Bruce in the Packet

103. Encounters on a Summer Night in Cardiff

Cardiff is an eclectic jumble of buildings. It is not an attractive city as a whole, but one can find individual buildings to admire. Plenty are worthy of study. Some developers have had the good sense to preserve the original façade and build behind it. From my window, I see new skyscrapers rising. Throughout the city towering cranes are erecting new structures. The pandemic might have slowed development, but development continues.

The view from my flat is a clutter of rooftops. They are densely packed and nowhere is there a view of the street. I have two balconies, one off the living room and one off the bedroom. Both are facing the southeast. This is the top floor, but it is only a five storey building. I like the jaggedness of the cityscape’s nooks and crannies. The fractured facets of buildings in diverse styles fascinates. Day and night, seagulls fly in every direction among the canyons and crags, squawking and screeching, sometimes laughing.

Sunday’s sky, the 19th July, was clear as midnight approached. Jupiter and Saturn were bright. It was a chance to put my new binoculars to use. I purchased my Olympus PRO 10x42 during lockdown,hoping  to expand my horizons. Saturn remained a speck, I could not see its rings, but I could make out some of the moons of brighter Jupiter. That night became the first time I took the binoculars outside.

Since the pandemic, since the lockdown began, they have been neglecting to close the gates to Bute Park, leaving them open all night. While I suppose you are not allowed to enter at night, in the darkness the signs giving the park hours are not clear, and are easily overlooked. I have found the solitude of occasionally strolling through the park after midnight consolatory. There is no need to take the face mask from my pocket.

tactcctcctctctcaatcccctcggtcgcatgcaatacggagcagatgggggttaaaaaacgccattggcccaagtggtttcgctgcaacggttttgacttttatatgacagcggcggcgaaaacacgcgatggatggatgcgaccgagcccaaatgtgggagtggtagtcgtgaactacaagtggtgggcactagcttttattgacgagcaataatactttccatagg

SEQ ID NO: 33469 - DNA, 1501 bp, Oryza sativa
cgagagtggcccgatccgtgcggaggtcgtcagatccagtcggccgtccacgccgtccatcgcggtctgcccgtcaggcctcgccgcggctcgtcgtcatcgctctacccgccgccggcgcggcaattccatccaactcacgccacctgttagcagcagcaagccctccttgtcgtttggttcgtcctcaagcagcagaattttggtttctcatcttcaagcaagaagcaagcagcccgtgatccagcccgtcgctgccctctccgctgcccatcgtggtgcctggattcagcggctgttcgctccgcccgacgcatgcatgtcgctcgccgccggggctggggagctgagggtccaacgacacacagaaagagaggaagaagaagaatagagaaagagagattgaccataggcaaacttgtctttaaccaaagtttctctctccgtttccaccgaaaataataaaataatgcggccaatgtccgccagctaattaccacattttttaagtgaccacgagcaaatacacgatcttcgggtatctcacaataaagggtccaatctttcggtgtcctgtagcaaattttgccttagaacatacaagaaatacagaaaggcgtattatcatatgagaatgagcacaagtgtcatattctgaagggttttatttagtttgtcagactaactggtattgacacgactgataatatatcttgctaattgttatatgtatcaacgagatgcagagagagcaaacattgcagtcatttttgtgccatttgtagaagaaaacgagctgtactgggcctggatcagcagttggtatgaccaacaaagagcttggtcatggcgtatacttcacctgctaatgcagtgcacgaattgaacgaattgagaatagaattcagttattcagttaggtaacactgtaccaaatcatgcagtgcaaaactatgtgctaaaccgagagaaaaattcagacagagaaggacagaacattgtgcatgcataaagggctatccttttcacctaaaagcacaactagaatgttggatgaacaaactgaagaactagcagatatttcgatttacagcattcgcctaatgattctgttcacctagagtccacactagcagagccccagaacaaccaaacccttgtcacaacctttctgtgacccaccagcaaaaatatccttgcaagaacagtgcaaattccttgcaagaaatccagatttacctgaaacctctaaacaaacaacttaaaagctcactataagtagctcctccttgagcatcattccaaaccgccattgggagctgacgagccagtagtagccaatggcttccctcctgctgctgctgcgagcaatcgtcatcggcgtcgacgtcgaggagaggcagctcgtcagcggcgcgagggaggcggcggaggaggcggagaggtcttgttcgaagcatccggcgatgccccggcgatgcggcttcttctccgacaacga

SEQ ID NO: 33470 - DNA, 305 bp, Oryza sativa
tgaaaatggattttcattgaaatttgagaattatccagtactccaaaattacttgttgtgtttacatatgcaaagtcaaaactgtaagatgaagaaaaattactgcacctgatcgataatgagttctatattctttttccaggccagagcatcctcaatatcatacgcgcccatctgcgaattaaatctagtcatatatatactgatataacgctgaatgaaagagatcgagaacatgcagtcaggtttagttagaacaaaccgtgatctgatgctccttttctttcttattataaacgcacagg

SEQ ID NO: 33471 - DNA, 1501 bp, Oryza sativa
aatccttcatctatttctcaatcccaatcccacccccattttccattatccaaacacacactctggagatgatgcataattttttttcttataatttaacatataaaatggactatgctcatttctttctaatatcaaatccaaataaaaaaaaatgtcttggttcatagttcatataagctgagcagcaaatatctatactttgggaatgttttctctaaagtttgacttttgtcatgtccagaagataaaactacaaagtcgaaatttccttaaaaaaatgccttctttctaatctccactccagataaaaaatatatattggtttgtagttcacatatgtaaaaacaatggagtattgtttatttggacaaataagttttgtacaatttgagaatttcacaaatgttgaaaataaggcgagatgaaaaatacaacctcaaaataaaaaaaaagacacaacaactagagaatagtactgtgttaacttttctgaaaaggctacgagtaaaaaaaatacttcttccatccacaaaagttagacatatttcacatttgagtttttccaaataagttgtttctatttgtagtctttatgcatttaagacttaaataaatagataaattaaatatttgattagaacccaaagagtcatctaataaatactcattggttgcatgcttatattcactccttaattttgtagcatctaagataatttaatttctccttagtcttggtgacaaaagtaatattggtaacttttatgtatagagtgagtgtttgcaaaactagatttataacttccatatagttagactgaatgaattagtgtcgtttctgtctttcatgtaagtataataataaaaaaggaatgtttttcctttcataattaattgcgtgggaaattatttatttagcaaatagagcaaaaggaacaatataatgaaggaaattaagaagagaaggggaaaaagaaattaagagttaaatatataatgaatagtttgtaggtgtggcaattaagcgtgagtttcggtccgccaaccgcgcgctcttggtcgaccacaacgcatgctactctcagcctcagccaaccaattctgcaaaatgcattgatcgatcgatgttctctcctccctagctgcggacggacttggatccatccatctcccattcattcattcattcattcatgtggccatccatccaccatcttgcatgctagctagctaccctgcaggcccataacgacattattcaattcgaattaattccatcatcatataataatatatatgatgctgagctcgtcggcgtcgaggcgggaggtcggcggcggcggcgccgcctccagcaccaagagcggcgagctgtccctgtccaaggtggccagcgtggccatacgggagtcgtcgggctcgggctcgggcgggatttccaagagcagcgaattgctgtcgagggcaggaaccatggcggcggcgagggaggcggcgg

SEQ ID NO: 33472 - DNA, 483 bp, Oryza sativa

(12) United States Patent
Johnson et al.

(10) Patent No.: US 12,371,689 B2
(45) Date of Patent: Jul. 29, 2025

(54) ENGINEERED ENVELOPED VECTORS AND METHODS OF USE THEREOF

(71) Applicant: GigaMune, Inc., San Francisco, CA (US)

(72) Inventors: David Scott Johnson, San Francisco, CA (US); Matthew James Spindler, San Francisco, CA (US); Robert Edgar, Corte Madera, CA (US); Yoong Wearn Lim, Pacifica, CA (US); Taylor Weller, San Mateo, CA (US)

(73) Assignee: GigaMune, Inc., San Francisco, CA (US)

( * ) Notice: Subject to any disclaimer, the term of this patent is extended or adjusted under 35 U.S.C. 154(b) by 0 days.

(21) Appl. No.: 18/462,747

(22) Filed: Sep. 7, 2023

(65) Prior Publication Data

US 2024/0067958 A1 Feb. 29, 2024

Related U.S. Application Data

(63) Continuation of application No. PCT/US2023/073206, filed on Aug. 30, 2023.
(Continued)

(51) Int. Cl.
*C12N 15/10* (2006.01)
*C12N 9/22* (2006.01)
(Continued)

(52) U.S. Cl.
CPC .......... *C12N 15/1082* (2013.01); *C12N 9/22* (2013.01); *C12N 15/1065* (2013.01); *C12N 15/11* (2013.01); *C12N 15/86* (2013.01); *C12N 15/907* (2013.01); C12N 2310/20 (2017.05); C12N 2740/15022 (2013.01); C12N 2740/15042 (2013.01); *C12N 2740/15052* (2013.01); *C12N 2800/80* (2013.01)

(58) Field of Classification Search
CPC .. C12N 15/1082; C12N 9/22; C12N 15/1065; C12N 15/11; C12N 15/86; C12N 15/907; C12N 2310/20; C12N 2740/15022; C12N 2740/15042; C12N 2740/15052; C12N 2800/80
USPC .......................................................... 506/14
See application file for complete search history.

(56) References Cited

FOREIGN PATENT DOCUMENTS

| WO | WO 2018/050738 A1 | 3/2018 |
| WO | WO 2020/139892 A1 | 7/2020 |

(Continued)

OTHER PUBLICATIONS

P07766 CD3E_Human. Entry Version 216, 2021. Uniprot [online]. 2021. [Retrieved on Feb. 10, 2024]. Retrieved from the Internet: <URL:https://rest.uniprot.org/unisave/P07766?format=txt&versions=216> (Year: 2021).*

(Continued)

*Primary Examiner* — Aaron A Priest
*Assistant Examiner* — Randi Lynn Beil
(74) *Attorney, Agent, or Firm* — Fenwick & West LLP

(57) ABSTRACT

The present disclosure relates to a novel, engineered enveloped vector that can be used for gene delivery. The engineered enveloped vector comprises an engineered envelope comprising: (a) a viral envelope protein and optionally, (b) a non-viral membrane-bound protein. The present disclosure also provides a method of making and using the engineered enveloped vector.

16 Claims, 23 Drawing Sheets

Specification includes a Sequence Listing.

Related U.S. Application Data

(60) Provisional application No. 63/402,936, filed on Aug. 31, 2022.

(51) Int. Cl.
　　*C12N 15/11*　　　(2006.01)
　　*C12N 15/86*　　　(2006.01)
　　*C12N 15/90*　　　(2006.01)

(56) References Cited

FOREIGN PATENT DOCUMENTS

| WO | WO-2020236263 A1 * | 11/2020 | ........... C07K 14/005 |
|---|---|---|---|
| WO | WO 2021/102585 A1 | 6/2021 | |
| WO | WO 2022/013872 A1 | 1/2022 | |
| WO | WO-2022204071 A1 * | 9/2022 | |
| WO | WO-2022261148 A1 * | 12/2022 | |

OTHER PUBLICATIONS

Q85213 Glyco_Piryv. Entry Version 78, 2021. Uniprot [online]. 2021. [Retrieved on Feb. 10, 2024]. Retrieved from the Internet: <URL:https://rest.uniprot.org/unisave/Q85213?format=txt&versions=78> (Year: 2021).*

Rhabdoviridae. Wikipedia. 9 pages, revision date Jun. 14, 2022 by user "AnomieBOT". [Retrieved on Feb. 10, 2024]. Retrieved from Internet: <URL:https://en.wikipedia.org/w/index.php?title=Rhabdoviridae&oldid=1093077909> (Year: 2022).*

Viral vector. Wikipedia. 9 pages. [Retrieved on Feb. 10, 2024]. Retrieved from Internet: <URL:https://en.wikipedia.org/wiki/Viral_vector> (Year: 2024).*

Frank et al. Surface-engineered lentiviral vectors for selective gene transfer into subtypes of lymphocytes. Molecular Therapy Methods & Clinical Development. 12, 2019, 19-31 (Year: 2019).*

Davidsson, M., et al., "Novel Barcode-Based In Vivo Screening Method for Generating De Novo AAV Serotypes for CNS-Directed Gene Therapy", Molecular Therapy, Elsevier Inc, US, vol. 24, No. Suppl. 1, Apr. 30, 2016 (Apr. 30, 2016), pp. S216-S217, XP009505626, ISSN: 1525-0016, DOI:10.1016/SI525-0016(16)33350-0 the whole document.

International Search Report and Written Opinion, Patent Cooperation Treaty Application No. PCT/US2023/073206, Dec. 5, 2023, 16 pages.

Darkness was the very reason I wanted to be there. There was no moon to reflect the pavement. The deeper I went, the further I was from the streetlamps. BONG! went the striking clock of City Hall; it was one o’clock, an hour into the 20th July. When the trees gave way to Coopers Field, I was perfectly positioned. Ursa Major was clearly visible in the north. I knew where to look, beneath the constellation and to the right, but I couldn’t see it. Nearer the horizon, the night sky’s blackness was washed out and grey. While it wasn’t visible to my naked eyes, when I brought the binoculars to my face, it appeared. Comet Neowise.

It was just a smudge with its tail hanging above it, but I felt an abstract satisfaction, because while the vision was ephemeral, I understood its significance. This was a comet possibly big enough to make dinosaurs extinct, but it was passing us at a comfortable distance. It was named for the space telescope that found it, NEOWISE. The telescope is out there searching for near-Earth objects (NEOs) whose trajectories might threaten humanity. If we can detect them soon enough, we might, in theory, employ a rocket to divert the object from such a destiny. We will need to refine our abilities. Comet Neowise, which is three miles in diameter (five kilometers), was detected only recently, on 27th March, and not recognized as a comet until the 31st March. It won’t be coming back for another 6,800 years, so we can relax about this one.